Make screen time for teens not too hot, not too cold

By Hugh Gray - Contributing Columnist

As we quickly reach the end of May, students across the county are giddy with the thoughts of all the free time summer will bring. Many probably look forward to trips to the beach or lake, maybe a long vacation adventure, or daily sports competitions, but many students will also be spending the summer hours on a screen.

But too much tech can be a problem and that isn’t great for kids.

“There are a lot of potential harmful effects of screen time on kids, from newborns up to late adolescents and even young adults,” Craig Anderson, PhD, distinguished professor of psychology at Iowa State University told WebMD.

When kids watch a lot of fast-paced shows that switch quickly from scene to scene, they may later have trouble when they need to focus in the classroom, Anderson says.

Kids who spend too much time in front of a screen can have other problems, too, like too little sleep or too much weight gain, says David Hill, MD, chairman of the American Academy of Pediatrics Council on Communications and Media. Plus, he says, kids who watch TV and play video games for hours each day may miss out on face-to-face opportunities to learn, time to play outside, and connections with friends. “Our greatest question should be, ‘What is this screen time displacing?’” he says.

With screens everywhere, it may seem even harder to cut down on a child’s time with them. But limits are worth it. Try these tips to pry them off those devices — at least, for a little while.

1. Make computers and TVs stay in the shared spaces of your home. When your kids use screens in the kitchen or living room, it’s easier to keep an eye on the shows they watch, the games they play, and the websites they’re on.

2. Add tech-free time to your family’s schedule. “At any age, kids should know there are specific times when screens stay off, like at meals and before bed,” Hill says. Even better, set aside time every week when the family does something fun together — no devices allowed.

3. Watch how often you use your own devices. If you keep your face buried in your phone, your kids won’t see a good reason why they should get off their screens. Plus, those devices affect the time you spend with your children. Researchers who studied families at fast-food restaurants noticed parents were often more focused on their smartphones than on the children at the table.

4. Make limits a regular part of screen use. When the rules are clear and consistent, you can avoid daily battles when you tell the kids it’s time to turn off the TV, computer, or phone.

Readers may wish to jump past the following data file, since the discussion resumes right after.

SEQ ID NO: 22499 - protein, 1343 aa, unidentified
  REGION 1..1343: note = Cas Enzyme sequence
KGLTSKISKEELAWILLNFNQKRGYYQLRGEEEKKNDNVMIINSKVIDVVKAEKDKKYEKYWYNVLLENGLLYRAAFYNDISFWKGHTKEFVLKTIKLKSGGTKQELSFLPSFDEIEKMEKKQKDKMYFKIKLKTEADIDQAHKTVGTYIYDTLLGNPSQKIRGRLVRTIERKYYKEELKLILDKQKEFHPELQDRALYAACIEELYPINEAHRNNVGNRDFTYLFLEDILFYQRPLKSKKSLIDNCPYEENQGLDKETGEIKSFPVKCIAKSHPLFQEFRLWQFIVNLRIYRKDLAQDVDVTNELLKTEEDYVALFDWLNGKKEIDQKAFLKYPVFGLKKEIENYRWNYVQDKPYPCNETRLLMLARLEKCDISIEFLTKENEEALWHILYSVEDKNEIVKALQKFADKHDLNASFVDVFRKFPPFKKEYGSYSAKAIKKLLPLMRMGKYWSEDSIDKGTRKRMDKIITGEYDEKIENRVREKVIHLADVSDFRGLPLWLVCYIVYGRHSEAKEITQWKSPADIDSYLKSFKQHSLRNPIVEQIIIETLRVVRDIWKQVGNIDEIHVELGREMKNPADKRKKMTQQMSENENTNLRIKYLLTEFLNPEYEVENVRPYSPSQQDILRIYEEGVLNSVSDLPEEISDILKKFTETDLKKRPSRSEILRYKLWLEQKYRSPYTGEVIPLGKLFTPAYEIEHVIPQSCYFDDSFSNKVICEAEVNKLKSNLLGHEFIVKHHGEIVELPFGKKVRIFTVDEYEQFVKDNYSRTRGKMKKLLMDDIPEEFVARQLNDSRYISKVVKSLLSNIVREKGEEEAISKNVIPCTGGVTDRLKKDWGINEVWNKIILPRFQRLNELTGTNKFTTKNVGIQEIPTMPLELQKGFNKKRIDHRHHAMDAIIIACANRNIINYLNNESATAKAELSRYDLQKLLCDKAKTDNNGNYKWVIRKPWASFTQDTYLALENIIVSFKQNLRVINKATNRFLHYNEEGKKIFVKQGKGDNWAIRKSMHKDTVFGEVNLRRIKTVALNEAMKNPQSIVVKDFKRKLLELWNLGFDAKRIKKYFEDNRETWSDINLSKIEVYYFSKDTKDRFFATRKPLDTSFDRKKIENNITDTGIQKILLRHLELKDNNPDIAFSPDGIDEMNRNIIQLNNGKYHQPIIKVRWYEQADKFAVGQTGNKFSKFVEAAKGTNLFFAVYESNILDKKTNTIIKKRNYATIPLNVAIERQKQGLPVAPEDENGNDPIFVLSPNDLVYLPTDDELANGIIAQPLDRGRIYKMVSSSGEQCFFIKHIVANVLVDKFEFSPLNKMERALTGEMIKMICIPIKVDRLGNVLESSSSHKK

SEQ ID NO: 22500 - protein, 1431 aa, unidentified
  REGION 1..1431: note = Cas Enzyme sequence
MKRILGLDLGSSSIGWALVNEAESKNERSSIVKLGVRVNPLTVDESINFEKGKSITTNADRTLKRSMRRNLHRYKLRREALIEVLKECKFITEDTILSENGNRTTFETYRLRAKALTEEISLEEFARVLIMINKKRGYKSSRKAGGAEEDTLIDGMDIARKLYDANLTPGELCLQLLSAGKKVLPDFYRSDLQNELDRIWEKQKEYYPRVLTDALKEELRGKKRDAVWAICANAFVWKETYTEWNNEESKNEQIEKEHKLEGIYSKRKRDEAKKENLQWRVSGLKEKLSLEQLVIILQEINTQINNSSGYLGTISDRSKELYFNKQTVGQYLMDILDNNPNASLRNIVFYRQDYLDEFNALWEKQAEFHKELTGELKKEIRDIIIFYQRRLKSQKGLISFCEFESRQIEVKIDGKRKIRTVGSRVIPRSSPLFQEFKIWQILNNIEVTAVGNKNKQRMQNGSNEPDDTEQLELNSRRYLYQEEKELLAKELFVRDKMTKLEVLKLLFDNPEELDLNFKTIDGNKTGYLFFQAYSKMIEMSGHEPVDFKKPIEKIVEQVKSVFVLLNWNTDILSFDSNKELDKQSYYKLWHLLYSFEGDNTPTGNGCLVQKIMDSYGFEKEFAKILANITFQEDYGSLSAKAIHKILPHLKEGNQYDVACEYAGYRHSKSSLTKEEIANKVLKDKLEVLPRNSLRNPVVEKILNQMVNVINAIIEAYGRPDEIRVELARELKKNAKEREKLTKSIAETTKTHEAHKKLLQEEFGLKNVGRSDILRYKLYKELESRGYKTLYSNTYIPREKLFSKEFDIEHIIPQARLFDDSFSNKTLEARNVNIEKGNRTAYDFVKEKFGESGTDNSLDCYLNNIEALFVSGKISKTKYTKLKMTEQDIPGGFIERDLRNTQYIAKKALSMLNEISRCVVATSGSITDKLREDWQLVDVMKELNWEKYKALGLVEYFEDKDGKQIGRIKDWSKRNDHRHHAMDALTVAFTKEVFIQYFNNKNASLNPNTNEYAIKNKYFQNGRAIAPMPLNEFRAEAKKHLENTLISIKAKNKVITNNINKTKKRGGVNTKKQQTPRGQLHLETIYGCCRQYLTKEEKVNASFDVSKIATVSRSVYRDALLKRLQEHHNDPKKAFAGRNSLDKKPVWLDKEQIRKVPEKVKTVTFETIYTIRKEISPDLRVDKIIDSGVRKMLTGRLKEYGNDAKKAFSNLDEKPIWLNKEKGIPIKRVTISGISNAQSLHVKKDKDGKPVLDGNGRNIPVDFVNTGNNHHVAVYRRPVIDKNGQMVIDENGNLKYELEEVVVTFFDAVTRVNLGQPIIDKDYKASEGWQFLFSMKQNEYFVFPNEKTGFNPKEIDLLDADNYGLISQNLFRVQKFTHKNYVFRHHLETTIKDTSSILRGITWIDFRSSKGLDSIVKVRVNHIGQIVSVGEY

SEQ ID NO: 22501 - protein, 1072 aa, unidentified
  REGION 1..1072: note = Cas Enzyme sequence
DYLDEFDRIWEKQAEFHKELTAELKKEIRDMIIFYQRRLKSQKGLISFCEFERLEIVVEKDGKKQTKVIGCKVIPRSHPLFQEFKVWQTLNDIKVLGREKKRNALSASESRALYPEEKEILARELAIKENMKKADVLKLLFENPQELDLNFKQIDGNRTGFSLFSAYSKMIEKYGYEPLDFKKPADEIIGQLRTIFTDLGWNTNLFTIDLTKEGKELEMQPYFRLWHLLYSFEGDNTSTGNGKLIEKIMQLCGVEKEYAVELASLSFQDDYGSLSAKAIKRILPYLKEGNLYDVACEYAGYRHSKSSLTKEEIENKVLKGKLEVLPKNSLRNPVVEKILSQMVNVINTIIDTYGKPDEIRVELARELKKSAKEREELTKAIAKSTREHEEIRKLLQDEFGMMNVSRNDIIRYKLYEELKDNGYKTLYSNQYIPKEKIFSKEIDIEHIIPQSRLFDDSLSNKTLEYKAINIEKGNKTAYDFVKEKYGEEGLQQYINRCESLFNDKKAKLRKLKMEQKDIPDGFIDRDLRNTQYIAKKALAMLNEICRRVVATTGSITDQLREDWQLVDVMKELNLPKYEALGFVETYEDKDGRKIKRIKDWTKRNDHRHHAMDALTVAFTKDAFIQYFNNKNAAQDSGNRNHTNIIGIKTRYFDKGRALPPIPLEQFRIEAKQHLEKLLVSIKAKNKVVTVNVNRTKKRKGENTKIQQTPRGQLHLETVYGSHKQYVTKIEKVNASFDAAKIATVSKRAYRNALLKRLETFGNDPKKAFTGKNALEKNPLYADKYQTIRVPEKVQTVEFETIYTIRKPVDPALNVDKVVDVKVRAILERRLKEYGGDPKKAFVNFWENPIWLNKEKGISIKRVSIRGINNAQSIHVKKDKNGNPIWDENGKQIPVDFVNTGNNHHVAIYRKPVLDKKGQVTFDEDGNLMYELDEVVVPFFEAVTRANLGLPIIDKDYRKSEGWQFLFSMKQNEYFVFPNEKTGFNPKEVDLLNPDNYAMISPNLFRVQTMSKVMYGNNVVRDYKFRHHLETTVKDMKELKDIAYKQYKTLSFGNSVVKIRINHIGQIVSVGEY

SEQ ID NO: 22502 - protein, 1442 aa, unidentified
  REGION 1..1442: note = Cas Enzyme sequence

5. Be ready to explain different screen-time limits. After your kids have watched hours of TV at a friend’s house, they may wonder why your rules are different. “These are opportunities to have conversations with your kids about what your family’s values are,” Anderson says.

6. Help your kids find other ways to have fun. “If a child has nothing to do, but stare at a screen, then we should not be surprised when that is what he or she does,” Hill says. Keep other options — art supplies, books, Frisbees, and bikes — around and ready when your kids claim there’s nothing else to do.

7. Make tech work for you. Use programs and apps that you can set to turn off computers, tablets, and smartphones after a given amount of time.

Researchers tested the theory that there was an amount of screen time that was just right. In their study titled A Large-Scale Test of the Goldilocks Hypothesis, Andrew Przbyiski and Netta Weinstein compared the relationship between screen use and mental well-being. They found that the “Goldilocks” number was four hours and 17 minutes of screen time per day.

The research also set limits for time spent in specific activities. For video game play, the limit is an hour and 40 minutes. For smartphone use, the limit is an hour and 57 minutes. For recreational video watching, the limit is three hours and 41 minutes. Remember, though, no combination of these specific screen activities should exceed four hours and 17 minutes.

And that’s great because, even when you add 10 hours for sleep, that leaves 10 hours for interactive family time!

By Hugh Gray

Contributing Columnist

Hugh Gray is the executive director at Westview Behavioral Health Services and can be reached at 803-276-5690.

Hugh Gray is the executive director at Westview Behavioral Health Services and can be reached at 803-276-5690.